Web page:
Our assessment is based on the following logic: On May 10, just before the halving, Bitcoin's hash rate reached 136,098 petahesh / sec. and on May 17 fell to 81,659 petahesh / sec. We admit that, to some extent, these extreme values could depend on mere chance - so a number of successfully and quickly found blocks could artificially overestimate the calculated hash rate, just as a decrease in the speed of finding a block can also partly be a consequence of chance. However, we eliminate this random factor from our model and make simplifying assumptions to get a rough idea of how much power the Bitcoin network is using. We are assuming here that the source of all the hashrate left after the May 17 lows comes from the more lucrative, new generation of S17 hardware, which includes Bitmain's Antminer S17 and T17, Whatsminer M20, and devices from Canaan, Innosilicon, Ebang, and others. We also assume that all devices unplugged between May 10 and 17 were older generations of less profitable S9 class equipment (like the Antminer S9 and Whatsminer M3).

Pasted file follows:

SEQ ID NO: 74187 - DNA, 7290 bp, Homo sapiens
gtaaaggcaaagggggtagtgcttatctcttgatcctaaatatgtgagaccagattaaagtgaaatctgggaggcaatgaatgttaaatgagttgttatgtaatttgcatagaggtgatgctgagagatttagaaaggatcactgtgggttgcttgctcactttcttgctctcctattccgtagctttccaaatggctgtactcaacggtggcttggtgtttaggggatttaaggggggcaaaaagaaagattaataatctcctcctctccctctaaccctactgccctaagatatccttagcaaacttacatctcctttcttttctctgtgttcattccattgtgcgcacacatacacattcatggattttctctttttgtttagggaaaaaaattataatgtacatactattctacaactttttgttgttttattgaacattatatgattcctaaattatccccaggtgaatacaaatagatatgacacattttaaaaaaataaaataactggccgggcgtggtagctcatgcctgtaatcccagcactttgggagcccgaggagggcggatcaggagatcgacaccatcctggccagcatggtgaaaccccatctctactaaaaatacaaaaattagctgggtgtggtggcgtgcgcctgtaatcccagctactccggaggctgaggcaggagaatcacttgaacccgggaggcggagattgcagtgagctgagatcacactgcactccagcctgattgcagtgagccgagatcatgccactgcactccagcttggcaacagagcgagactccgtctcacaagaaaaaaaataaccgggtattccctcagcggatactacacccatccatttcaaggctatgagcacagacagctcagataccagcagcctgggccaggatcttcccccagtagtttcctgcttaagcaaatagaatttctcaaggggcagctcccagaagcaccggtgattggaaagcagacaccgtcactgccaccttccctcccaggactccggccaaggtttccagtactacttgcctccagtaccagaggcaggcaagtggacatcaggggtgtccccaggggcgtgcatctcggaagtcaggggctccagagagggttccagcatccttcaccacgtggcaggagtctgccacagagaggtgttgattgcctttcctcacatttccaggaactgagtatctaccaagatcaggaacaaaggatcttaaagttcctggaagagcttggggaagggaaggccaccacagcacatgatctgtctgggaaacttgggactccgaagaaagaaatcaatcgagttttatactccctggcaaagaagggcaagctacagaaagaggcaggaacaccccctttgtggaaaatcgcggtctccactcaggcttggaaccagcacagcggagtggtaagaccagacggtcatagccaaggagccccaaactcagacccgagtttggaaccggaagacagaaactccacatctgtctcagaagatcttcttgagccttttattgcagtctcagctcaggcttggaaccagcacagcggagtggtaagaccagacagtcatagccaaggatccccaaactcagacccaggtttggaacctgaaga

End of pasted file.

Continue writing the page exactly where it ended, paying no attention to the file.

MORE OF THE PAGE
I draw your attention to what we usethe designations “S17 class”, “S9 class” and “S19 class” as categories that include both devices from Bitmain and equipment from competing manufacturers with similar characteristics. We refer to the class names through Bitmain models because they were the dominant player in the “S9 class” and, to a lesser extent, “S17 class” hardware market. In addition, in all relevant calculations, we proceed from a PUE (Power Usage Effectiveness) value of 1.12, which means that for every 1 MW spent directly on Bitcoin mining, another 120 kW is spent on maintaining the entire associated infrastructure, including cooling systems, lighting, servers, switches, etc.